Noel Whelan: Kingsmill row shows North’s failure to address the past
Sinn Féin MP’s gaffe underlines the need to do more to help the victims of the Troubles
‘Those killed in the Troubles were not Catholic or Protestant victims – they were human lives destroyed.’ Photograph: Getty Images
We have again been reminded this week that Northern Ireland’s past hasn’t gone away, you know. The pain of those injured and the pain of loss of the friends and families of those killed has an enduring capacity to confront politics with its failure to properly address the legacy of the conflict.
This week the past came back to haunt Sinn Féin at a particularly awkward moment– just when the party is in the middle of stage-managing a leadership change.
Sinn Féin’s efforts to make the handover from Gerry Adams to Mary Lou McDonald all about generational shift and tonal change has been undermined by the absurd antics of Barry McElduff MP, and by the inadequacy of the party’s response to what he did.
McElduff is not an insignificant figure in the party. He is an intelligent and skilful politician. He does like to entertain his own political audience, but his online antics last Thursday were frankly grotesque. The fact that he posted a clip of himself playacting with a loaf of Kingsmill bread on the anniversary of the Kingsmill massacre was grotesque.
Sinn Féin quickly apologised for the post, and described it as indefensible while simultaneously seeking to excuse it by characterising it as an inadvertence.
McElduff and Sinn Féin were apologising without insight. They were engaged in a public relations handling operation, hoping to get past the controversy. It didn’t work, and merely added to tensions in the increasingly toxic political atmosphere in Northern Ireland.
Hurt and harm
The political consequences of the McElduff affair pale, of course, by comparison to the hurt and harm he caused to the survivors and the families of the dead.
On January 5th, 1976, a minibus was transporting 16 workers from a textile factory in Glennane to their homes in south Armagh. Just after 5.30pm, four of the five Catholic workers on board had been dropped off, and then as the bus made it way through the Kingsmill crossroads men in combat uniform with blackened out faces standing on the road waved it down.
One of them with what was described as “a pronounced English accent” instructed the passengers to face the bus with their hands on the roof. He then asked: “Who is the Catholic?”
There is no reason why we should segregate the victims of the Troubles into Protestant and Catholic like their killers did
One of the workers, Richard Hughes, moved to identify himself. Two of his workmates, fearing they had been stopped by a loyalist gang intent on killing Hughes, put their hands on his hand in an attempt to dissuade him. When he stepped forward, however, he was told: “Get out of the way”; “Get down the road, and don’t look back.”
The gunmen then immediately opened fire on the 11 remaining workers. In all 138 rounds from various automatic weapons were fined. The shooting lasted less than a minute. One of the gunmen then walked among the dying men and shot each of them in the head with a pistol as they lay on the ground. Ten of them were killed but, miraculously, one of them, Alan Black, survived.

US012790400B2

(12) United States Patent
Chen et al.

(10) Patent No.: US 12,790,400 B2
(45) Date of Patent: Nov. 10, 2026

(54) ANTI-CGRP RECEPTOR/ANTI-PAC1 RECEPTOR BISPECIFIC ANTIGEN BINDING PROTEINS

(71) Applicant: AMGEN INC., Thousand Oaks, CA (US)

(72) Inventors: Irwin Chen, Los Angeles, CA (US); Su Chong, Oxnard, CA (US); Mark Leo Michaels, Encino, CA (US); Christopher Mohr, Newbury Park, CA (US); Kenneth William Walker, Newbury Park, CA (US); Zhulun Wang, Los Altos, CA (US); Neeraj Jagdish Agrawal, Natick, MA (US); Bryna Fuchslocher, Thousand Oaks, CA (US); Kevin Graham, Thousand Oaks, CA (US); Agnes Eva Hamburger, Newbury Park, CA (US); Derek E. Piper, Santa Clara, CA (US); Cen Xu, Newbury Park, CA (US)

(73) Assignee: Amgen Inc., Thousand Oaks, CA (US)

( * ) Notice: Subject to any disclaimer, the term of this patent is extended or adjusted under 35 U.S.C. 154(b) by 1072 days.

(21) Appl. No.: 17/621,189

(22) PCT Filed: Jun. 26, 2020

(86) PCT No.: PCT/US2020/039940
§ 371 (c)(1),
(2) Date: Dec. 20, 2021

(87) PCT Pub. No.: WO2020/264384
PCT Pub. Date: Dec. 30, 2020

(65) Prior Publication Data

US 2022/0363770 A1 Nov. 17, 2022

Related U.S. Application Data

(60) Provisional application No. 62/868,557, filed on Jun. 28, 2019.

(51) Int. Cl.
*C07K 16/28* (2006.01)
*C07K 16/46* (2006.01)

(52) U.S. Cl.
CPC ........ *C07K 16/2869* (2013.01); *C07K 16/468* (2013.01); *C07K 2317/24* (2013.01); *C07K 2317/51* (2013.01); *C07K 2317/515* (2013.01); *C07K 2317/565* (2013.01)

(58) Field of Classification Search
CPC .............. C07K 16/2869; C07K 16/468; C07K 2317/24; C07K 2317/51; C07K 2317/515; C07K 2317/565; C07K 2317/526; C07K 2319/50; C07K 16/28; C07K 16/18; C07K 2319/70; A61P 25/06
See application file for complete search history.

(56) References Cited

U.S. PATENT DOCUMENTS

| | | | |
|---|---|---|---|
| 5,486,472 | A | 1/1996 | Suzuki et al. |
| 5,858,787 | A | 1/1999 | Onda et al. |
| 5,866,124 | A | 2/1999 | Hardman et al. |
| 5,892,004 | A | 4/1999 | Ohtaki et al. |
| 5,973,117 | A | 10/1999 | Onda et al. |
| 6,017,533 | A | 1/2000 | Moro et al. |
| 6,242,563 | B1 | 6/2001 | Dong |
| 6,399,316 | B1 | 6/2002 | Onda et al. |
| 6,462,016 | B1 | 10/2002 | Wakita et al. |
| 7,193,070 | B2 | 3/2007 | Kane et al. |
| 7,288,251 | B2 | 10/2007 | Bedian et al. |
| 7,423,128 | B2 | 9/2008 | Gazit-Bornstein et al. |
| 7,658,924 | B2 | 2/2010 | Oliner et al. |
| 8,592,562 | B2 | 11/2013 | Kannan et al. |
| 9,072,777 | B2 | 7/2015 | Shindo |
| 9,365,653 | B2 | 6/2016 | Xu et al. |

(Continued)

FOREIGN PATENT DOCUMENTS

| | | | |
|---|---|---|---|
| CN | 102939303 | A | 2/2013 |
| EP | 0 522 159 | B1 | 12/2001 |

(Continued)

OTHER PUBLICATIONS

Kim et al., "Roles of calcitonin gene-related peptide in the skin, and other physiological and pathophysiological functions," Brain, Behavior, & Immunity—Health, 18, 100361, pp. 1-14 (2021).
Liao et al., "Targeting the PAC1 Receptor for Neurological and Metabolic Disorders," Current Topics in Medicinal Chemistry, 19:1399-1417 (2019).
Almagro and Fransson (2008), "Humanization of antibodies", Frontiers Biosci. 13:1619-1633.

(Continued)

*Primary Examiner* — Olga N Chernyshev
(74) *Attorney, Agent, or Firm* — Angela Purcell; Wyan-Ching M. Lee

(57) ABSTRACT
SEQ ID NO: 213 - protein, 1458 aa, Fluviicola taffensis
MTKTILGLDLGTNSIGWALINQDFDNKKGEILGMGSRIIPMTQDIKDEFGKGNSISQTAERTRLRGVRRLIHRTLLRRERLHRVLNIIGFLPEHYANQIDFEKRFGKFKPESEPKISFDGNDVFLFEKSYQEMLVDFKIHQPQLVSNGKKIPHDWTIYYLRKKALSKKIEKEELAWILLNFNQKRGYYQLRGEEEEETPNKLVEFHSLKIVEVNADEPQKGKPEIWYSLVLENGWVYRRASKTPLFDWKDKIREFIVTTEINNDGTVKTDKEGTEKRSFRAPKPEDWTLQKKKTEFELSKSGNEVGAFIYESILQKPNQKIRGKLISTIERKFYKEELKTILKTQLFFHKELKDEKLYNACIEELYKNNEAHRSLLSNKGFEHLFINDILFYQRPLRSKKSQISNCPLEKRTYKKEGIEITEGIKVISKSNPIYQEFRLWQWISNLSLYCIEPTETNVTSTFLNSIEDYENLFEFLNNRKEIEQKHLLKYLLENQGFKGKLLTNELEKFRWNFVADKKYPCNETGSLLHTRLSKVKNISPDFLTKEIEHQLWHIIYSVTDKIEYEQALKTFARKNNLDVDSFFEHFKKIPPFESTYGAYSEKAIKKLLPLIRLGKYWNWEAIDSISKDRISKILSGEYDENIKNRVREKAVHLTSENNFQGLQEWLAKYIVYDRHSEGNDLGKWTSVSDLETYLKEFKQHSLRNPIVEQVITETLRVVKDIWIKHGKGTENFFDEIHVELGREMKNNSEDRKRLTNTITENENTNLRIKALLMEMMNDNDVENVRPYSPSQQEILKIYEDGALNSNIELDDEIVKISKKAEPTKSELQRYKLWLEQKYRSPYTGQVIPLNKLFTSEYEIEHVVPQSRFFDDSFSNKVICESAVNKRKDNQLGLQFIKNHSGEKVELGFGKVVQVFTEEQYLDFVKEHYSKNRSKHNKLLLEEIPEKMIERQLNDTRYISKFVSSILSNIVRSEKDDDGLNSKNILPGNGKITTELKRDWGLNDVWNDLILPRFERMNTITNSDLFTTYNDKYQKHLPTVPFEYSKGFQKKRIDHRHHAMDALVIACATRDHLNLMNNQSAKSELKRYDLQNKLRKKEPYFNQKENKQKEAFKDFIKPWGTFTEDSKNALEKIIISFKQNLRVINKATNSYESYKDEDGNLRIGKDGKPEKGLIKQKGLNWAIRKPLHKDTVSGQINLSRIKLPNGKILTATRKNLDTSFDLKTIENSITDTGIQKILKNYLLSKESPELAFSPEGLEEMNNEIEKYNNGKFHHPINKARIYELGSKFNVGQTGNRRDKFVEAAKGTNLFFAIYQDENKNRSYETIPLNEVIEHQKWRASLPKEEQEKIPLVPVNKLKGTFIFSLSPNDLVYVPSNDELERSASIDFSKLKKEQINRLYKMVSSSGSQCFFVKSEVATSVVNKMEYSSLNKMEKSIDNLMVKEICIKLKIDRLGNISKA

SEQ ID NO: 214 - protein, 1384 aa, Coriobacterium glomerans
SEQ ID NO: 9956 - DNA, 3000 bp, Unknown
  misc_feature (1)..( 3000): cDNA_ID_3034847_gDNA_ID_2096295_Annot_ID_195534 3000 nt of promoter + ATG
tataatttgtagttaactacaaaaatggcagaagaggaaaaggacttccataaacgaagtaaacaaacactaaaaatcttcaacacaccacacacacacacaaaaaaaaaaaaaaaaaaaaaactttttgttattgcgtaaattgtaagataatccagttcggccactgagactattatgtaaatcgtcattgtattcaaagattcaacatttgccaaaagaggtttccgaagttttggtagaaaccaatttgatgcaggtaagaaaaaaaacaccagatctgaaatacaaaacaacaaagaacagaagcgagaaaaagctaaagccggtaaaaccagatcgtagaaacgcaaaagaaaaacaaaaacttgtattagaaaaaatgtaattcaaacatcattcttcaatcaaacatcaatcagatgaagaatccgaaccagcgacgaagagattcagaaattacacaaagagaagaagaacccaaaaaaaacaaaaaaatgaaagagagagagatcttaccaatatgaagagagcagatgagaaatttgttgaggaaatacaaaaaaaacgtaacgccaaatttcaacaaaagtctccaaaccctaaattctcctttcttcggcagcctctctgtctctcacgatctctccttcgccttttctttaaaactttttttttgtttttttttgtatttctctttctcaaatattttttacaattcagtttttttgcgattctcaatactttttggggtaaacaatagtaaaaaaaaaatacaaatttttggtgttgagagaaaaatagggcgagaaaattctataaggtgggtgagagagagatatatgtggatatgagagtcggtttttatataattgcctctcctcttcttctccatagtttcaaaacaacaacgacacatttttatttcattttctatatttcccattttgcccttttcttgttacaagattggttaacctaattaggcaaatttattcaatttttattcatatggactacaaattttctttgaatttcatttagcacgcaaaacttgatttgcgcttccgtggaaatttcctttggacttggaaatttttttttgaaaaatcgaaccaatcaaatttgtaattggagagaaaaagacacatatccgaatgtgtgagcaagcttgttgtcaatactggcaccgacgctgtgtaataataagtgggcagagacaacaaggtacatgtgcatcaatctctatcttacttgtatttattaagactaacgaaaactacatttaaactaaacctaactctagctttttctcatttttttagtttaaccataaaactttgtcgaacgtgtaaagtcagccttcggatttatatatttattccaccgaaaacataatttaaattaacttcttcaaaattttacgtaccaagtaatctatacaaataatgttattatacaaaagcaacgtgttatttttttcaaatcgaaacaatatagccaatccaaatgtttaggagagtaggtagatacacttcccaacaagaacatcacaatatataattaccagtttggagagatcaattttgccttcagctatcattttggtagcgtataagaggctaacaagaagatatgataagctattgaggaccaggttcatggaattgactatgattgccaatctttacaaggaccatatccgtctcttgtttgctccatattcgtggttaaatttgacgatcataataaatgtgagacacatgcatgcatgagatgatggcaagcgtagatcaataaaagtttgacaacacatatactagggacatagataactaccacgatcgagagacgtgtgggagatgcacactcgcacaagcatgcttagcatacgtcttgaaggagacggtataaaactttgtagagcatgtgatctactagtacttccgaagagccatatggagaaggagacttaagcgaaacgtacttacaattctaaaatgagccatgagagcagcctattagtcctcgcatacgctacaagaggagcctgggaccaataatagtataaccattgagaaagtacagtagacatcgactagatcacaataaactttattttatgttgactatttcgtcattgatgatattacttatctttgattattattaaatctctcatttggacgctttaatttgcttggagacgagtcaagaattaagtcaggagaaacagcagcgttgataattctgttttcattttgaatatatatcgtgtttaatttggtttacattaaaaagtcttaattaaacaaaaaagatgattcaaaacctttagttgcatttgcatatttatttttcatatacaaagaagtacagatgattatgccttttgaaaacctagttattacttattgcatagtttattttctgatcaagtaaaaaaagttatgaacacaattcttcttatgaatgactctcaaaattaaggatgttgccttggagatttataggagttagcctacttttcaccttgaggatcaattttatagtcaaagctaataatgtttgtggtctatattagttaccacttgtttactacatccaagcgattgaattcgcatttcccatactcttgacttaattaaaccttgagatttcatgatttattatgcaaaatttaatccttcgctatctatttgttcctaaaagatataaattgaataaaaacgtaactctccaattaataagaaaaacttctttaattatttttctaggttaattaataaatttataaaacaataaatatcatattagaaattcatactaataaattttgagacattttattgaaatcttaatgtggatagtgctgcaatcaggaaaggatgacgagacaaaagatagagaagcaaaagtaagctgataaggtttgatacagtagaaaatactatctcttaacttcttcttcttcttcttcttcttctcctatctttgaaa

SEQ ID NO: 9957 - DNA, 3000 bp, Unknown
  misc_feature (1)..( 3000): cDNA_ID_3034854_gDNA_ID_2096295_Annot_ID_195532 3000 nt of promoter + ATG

The IRA never admitted responsibility for the Kingsmill massacre. However, in 2011 a Historical Enquiries Team report found that members of the Provisional IRA carried out the attack. The weapons used were linked to 110 other attacks.
The shootings were said to have been in response to a loyalist shooting the night before, but the attack on the minibus had been planned weeks earlier.
When I wrote about Kingsmill here in mid-2016 at the time when new inquests were ordered, the piece, predictably, attracted some suggestions that I was only remembering “Protestant dead”. Instinctively defensive, I was tempted to write a “balancing” piece about some of the loyalist massacres, but then resisted the instinct.
There is no reason why we should feel the need to segregate the victims of the Troubles into Protestant and Catholic like their killers did. Those killed in the Troubles were not Catholic victims or Protestant victims – they were human lives destroyed. They are Northern Irish dead.
We should also resist the notion that any particular political tradition or political party represents one group of victims rather than another. Nobody has party affiliation in death. In remembering them we don’t need to pander to political fault lines.
What is striking as each anniversary of the various atrocities passes is how much remains to be done in tackling the needs of the victims of the Troubles.
In some cases these include complex health and social service needs. For some they include the need to know what happened to their loved ones, and who may have been responsible.
Above all else, they include a need for basic recognition and respect for what they have endured.
Work on addressing the legacy of the past, however, like so much else in Northern Ireland these days, remains stalled while politicians indulge themselves in the squabbles of the present.